Jim'sMoneyBlog

Financial Opinion and Insights

IRA Advice Could Change!

Jim Lorenzen, CFP®

Jim Lorenzen, CFP®

 

Brokers and registered investment advisors (RIAs) have been swimming in the same waters for many years; and, indeed, the investing public is very often confused about the difference between the two.  

Compounding the problem, of course, is that many in the financial services field call themselves `financial advisors’ without being registered as advisors, just as many call themselves `financial planners’ without having earned CFP® or ChFC® certifications. 

If that isn’t enough, many investors are also unaware that the so-called `broker’ they deal with is really not the broker!   This person is virtually always a registered representative working for a broker-dealer (the firm), if an employee or under the supervision of a B/D if an independent. 

That’s not all – are you getting dizzy, yet?  Many `brokers’ work for or under the supervision of firms which are `dually-registered’ as both broker-dealers and as registered investment advisors!  

Back to square one:  The individual investor, who often doesn’t know the difference between RIAs and brokers, also has to figure out why it matters!  I’ve written about this before; but change may be on the way, if the Department of Labor has it’s way. 

New regulations proposed by the DOL could change the landscape dramatically for registered representatives (RRs) of B/D firms in serving the $4.1 trillion IRA market by, practically speaking, excluding dual registrants – which is almost all of them – from giving advice on IRAs. 

While most of the attention has been focused on the regulation’s potential impact on the 401(k) market; but, the bigger impact may be on IRAs! 

Under the DOL proposal, advisors who advise clients on IRA accounts would, for all practical purposes, be fee-only advisors in that the new regulations require that the advisor give advice that’s either generated by a computer model, or give advice and be paid on a level-fee basis, which means that the fees don’t change because of the investments selected.  This is something RIAs do now, but many B/D firms are resisting.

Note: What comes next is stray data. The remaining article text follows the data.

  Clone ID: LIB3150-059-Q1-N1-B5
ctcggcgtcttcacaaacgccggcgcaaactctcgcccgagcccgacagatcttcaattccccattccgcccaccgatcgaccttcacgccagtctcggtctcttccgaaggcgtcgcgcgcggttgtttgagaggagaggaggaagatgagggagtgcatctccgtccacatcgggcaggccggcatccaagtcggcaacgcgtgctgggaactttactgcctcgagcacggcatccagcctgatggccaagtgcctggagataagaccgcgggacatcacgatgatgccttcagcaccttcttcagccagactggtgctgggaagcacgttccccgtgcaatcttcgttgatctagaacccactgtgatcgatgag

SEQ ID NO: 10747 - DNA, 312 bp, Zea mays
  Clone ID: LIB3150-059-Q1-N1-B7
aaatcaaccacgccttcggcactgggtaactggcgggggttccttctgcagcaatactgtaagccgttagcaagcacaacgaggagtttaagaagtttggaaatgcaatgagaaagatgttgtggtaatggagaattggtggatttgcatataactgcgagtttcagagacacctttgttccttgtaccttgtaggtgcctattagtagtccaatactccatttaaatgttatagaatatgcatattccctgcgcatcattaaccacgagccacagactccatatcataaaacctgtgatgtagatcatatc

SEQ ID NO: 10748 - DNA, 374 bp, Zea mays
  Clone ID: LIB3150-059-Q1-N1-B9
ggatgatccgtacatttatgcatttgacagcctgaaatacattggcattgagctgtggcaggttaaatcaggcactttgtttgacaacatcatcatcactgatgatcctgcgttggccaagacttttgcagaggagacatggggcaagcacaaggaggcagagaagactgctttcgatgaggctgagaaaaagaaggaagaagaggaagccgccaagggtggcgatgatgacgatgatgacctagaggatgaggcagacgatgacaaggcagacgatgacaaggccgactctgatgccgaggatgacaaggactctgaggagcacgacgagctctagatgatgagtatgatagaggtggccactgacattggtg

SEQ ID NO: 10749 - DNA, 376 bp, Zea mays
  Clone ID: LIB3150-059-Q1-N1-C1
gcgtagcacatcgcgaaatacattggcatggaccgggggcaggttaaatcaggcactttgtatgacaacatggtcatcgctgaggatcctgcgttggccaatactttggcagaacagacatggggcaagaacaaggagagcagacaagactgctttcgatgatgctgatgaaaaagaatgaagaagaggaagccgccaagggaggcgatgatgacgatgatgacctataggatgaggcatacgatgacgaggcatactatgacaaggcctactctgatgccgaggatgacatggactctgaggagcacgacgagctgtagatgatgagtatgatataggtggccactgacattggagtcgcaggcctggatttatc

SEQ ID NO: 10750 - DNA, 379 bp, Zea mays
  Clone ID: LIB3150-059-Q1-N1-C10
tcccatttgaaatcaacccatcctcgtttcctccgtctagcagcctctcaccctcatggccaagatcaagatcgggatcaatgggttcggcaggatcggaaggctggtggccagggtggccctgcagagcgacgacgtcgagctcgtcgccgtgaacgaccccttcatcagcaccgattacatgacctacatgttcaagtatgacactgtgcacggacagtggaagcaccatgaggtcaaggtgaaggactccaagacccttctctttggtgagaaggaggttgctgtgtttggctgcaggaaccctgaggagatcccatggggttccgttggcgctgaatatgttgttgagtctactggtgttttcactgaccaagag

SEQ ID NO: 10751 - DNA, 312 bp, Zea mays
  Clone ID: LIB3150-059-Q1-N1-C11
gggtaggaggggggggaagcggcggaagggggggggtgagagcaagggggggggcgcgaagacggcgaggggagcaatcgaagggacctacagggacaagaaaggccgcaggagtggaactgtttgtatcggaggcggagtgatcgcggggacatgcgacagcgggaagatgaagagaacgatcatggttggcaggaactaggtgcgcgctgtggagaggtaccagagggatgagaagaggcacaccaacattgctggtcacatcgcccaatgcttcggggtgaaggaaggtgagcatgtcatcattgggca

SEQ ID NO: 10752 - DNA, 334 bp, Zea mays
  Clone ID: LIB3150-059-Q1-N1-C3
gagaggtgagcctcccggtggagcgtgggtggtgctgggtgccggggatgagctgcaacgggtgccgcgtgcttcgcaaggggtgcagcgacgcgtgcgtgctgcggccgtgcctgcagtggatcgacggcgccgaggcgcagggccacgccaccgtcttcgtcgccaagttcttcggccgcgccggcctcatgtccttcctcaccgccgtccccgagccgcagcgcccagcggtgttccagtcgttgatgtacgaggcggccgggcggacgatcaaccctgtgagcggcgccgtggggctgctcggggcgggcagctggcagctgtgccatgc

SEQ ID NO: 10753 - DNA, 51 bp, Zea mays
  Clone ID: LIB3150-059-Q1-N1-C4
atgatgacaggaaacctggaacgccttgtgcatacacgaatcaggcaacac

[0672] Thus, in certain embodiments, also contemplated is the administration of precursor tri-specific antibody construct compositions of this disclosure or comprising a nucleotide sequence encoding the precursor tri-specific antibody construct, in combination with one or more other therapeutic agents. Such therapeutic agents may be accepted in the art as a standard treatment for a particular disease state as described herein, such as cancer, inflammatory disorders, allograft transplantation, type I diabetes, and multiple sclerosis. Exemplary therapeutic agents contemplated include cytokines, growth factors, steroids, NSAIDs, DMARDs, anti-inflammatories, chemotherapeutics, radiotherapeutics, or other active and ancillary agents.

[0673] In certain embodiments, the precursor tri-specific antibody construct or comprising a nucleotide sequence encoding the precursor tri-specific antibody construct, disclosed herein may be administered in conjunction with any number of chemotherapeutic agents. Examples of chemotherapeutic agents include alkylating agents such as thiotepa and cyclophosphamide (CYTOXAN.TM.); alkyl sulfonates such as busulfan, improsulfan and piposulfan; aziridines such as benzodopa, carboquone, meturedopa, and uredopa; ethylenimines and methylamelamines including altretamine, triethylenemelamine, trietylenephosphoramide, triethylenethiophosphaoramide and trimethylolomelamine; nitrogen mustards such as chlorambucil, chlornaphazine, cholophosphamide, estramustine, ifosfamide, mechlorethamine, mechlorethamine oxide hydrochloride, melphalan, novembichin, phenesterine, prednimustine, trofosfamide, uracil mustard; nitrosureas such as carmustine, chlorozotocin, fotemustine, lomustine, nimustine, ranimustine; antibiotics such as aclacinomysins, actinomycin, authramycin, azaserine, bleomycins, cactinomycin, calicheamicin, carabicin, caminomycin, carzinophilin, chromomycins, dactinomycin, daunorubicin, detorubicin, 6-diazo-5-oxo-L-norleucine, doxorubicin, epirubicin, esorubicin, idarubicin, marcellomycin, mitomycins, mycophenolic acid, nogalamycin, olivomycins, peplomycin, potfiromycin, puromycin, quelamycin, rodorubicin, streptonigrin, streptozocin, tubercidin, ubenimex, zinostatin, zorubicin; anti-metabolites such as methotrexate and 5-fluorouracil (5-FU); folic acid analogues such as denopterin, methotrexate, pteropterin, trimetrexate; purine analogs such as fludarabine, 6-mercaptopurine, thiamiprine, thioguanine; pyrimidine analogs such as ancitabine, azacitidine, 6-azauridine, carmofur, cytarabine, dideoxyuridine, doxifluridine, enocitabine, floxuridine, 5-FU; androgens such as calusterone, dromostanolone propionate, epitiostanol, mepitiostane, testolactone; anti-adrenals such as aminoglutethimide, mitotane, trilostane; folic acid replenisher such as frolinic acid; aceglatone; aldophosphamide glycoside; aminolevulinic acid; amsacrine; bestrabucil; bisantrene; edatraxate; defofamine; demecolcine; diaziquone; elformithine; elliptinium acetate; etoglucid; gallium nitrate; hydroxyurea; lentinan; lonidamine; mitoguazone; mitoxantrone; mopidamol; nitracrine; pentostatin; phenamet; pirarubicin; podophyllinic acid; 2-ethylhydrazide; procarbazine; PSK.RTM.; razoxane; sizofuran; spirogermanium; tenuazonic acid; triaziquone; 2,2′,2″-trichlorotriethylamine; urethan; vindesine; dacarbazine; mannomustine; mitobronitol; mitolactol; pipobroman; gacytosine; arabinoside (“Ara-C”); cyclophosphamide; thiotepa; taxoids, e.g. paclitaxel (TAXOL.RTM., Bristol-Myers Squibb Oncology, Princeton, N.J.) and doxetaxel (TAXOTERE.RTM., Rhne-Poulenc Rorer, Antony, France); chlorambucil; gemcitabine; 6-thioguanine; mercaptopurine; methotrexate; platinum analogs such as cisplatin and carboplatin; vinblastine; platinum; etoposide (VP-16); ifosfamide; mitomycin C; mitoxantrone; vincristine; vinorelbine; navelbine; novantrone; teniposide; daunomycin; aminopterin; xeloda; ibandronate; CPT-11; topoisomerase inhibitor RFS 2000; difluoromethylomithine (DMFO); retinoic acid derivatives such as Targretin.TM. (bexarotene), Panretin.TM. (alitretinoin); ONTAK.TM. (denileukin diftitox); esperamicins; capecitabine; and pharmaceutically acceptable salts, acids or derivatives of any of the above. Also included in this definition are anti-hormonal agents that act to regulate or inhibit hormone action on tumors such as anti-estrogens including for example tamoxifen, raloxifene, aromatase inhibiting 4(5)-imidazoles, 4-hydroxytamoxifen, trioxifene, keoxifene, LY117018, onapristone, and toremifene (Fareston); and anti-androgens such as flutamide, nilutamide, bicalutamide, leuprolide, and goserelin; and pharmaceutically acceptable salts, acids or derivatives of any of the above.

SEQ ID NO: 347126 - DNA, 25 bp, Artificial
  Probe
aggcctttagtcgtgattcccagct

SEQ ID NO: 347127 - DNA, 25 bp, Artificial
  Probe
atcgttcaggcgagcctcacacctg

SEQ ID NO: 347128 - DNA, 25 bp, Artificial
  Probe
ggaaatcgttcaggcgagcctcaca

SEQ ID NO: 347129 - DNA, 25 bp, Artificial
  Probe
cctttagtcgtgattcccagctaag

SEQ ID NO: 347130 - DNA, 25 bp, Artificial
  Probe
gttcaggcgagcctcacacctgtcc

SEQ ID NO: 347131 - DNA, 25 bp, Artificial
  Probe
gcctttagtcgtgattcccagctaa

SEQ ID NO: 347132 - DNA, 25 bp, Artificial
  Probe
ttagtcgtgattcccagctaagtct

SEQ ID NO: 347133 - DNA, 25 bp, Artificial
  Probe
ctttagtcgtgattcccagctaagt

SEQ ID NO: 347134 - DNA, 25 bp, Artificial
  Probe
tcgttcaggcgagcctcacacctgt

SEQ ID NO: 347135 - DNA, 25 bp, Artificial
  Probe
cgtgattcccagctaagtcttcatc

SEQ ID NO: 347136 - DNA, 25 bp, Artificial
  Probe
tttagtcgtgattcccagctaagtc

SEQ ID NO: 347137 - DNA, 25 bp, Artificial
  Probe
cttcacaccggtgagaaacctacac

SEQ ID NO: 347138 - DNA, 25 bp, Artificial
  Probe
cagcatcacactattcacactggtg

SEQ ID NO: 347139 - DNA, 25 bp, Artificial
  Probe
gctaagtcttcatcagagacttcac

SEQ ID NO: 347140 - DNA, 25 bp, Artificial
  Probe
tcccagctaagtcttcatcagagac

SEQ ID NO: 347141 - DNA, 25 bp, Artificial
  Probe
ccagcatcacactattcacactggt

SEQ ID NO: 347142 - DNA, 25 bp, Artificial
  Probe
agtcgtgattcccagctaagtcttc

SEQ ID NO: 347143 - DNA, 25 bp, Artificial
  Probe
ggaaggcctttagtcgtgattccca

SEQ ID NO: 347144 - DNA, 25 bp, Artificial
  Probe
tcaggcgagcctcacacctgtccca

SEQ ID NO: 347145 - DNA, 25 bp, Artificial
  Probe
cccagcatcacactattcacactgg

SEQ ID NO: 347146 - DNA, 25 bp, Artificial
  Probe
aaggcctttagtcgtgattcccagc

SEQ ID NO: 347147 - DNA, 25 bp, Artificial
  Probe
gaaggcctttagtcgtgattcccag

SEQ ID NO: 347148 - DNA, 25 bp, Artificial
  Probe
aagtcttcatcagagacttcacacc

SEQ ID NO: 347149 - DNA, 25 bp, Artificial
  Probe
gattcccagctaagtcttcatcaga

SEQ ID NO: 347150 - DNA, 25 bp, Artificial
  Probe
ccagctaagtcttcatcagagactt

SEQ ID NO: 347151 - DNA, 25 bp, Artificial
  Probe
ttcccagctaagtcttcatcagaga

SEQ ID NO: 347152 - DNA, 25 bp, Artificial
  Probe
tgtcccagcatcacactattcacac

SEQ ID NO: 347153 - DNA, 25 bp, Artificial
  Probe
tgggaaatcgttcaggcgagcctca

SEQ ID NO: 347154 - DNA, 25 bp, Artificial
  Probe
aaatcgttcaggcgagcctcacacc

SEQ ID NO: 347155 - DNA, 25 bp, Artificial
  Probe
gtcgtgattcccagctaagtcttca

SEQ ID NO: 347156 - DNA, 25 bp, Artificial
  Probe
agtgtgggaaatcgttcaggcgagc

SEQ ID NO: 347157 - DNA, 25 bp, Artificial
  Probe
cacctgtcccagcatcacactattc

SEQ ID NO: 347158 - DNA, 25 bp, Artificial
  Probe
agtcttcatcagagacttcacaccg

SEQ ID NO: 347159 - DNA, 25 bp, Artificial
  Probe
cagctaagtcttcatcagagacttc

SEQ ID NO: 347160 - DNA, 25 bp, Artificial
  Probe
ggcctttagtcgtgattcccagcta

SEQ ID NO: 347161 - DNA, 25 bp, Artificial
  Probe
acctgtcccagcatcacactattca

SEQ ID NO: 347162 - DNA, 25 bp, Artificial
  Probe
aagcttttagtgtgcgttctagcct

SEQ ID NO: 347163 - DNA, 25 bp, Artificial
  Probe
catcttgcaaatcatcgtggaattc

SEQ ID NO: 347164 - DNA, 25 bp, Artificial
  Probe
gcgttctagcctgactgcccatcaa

The prohibition against advising on an IRA kicks-in if a commission is paid on any assets under management by an advisor.  It appears the DOL is trying to avoid situations in which an advisor gets a hidden incentive or compensation from a fund company or the B/D firm for steering assets into a particular investment product. 

The proposed 401(k) regulations would do the same thing, except there’s a grandfather clause that allows B/D firms to maintain their existing agreements. 

It appears, under these proposed DOL regulations, B/D registered reps who advise on IRA assets would have to register a investment advisors and act as fiduciaries – and that’s a major shift because it would prohibit an advisor on IRA plans from collecting any 12b-1 fees, commissions, or sales loads on IRA assets. 

Stay tuned. 

Jim 

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The Independent Financial Group is a fee-only registered investment advisor embracing a fiduciary standard and does not sell any investment products or receive any third-party compensation in any form.  Opinions expressed in this post are those of the author and are not intended to provide investment advice.   Learn more about IFG!